The Necklace That Nags

Can't remember if you took your medicine? Researchers at the Georgia Institute of Technology have developed a sensor necklace that can record when its wearer has swallowed pills, and send reminders if necessary.

The MagneTrace relies on tiny magnets embedded in specially designed pills. They're inexpensive, harmless and pass through a patient's system undigested in about 24 hours, says team leader Maysam Ghovanloo, an engineering professor. When patients swallow the pills, they trigger a magnetic sensor in the necklace. The sensor connects wirelessly to a device the patient carries in a pocket or purse. That device then wirelessly transmits data to a caregiver.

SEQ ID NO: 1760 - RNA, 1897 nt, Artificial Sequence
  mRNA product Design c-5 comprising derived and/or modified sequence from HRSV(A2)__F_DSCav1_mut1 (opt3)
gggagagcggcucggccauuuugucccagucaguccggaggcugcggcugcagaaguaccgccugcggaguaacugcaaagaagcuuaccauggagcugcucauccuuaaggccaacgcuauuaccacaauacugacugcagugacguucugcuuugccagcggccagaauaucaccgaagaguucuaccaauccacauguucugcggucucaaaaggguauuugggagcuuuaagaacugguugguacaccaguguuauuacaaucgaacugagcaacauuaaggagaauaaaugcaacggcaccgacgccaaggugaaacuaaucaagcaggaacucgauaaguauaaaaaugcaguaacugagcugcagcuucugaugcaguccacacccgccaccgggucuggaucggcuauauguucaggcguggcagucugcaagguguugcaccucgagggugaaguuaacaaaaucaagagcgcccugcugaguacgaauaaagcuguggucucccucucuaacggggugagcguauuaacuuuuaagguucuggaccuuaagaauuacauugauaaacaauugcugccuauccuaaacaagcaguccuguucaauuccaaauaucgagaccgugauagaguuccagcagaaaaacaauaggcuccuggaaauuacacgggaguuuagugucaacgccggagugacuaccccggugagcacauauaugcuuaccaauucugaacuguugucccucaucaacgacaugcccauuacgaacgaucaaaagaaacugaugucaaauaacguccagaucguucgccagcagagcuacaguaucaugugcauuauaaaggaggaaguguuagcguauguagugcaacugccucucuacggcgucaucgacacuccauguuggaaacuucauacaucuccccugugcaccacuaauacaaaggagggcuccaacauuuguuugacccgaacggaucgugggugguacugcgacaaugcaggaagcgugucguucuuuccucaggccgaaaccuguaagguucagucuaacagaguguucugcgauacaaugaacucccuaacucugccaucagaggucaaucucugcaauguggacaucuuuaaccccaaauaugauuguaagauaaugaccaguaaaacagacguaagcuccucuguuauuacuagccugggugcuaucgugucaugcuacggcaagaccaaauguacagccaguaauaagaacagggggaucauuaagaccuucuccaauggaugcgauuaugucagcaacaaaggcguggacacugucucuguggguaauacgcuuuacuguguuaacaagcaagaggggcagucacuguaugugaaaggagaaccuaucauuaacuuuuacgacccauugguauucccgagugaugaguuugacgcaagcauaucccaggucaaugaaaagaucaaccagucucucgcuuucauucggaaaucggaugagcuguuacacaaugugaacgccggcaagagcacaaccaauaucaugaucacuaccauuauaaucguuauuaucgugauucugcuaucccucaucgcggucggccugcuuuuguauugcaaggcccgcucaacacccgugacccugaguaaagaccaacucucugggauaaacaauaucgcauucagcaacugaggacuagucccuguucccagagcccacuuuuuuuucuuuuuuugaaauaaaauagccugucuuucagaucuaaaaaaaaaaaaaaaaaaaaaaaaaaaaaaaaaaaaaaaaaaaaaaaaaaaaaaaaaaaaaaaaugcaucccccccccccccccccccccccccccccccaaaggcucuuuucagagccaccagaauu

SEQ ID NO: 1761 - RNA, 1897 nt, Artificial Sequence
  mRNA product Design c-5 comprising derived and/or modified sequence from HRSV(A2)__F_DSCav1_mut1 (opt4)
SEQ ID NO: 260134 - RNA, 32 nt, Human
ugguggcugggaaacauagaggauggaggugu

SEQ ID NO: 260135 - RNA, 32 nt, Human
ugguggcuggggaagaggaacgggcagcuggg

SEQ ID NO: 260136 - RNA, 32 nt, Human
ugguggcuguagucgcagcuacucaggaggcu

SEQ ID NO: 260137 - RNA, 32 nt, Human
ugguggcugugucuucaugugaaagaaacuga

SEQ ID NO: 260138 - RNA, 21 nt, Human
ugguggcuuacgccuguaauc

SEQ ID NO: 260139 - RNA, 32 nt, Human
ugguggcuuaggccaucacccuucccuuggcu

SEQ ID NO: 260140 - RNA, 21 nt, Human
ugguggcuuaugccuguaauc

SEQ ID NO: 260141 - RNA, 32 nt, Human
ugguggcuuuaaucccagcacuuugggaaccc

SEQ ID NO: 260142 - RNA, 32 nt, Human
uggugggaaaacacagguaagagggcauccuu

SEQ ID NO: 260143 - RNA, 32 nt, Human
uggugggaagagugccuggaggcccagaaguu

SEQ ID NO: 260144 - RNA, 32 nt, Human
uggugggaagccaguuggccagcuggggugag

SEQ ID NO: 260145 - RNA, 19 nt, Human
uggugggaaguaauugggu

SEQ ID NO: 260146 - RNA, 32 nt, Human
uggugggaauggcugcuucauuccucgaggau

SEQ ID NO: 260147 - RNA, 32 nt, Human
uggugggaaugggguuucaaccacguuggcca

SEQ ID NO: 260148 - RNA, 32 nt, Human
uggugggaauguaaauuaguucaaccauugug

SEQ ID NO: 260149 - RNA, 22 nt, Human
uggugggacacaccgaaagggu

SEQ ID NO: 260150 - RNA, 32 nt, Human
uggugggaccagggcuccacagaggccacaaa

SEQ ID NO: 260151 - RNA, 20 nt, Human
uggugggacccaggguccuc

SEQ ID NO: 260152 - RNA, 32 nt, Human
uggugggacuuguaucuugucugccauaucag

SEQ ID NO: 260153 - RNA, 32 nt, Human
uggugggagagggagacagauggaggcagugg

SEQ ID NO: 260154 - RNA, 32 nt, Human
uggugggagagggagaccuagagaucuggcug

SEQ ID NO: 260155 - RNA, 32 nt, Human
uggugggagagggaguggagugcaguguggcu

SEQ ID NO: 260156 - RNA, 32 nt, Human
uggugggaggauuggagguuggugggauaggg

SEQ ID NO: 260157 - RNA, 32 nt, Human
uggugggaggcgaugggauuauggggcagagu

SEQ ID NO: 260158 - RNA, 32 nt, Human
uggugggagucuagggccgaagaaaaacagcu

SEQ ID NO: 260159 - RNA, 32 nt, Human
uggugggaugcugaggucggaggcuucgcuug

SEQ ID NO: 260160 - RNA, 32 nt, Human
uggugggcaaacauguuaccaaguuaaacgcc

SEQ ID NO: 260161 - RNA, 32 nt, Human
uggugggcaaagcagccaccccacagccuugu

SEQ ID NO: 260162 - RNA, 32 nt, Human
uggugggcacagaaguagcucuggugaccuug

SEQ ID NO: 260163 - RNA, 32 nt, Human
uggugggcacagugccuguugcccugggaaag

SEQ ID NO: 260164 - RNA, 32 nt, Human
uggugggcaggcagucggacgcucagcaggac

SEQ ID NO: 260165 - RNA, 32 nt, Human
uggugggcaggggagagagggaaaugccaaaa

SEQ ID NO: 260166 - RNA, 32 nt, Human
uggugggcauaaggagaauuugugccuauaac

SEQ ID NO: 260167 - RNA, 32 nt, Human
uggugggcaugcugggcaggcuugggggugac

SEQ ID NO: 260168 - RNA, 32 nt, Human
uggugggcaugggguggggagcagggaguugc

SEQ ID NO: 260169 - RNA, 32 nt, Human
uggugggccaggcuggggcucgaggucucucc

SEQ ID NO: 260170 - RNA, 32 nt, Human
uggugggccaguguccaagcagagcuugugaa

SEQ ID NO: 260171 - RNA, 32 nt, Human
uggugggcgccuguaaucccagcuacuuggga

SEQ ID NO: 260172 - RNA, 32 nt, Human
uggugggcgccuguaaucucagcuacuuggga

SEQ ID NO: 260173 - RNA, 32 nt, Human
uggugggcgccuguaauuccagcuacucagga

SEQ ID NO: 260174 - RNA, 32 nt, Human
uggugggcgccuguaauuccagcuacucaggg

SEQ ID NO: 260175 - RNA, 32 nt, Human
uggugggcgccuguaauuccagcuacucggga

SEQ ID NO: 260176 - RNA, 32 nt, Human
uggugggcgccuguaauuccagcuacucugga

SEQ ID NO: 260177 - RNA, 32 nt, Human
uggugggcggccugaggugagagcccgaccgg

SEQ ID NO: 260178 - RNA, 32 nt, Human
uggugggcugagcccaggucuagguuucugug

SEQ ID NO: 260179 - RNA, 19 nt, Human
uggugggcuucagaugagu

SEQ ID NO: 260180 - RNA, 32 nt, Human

The system's not yet ready for prime time. It's been tested on a dummy and will soon be tried on dogs. Trials on humans could begin in a year. To make the MagneTrace a commercial success, Ghovanloo will also have to get FDA approval, as well as persuade drug manufacturers to put magnets in their product. That might turn out to be the toughest pill of all, unless the companies conclude that patient compliance ultimately is as good for profits as it is for patients.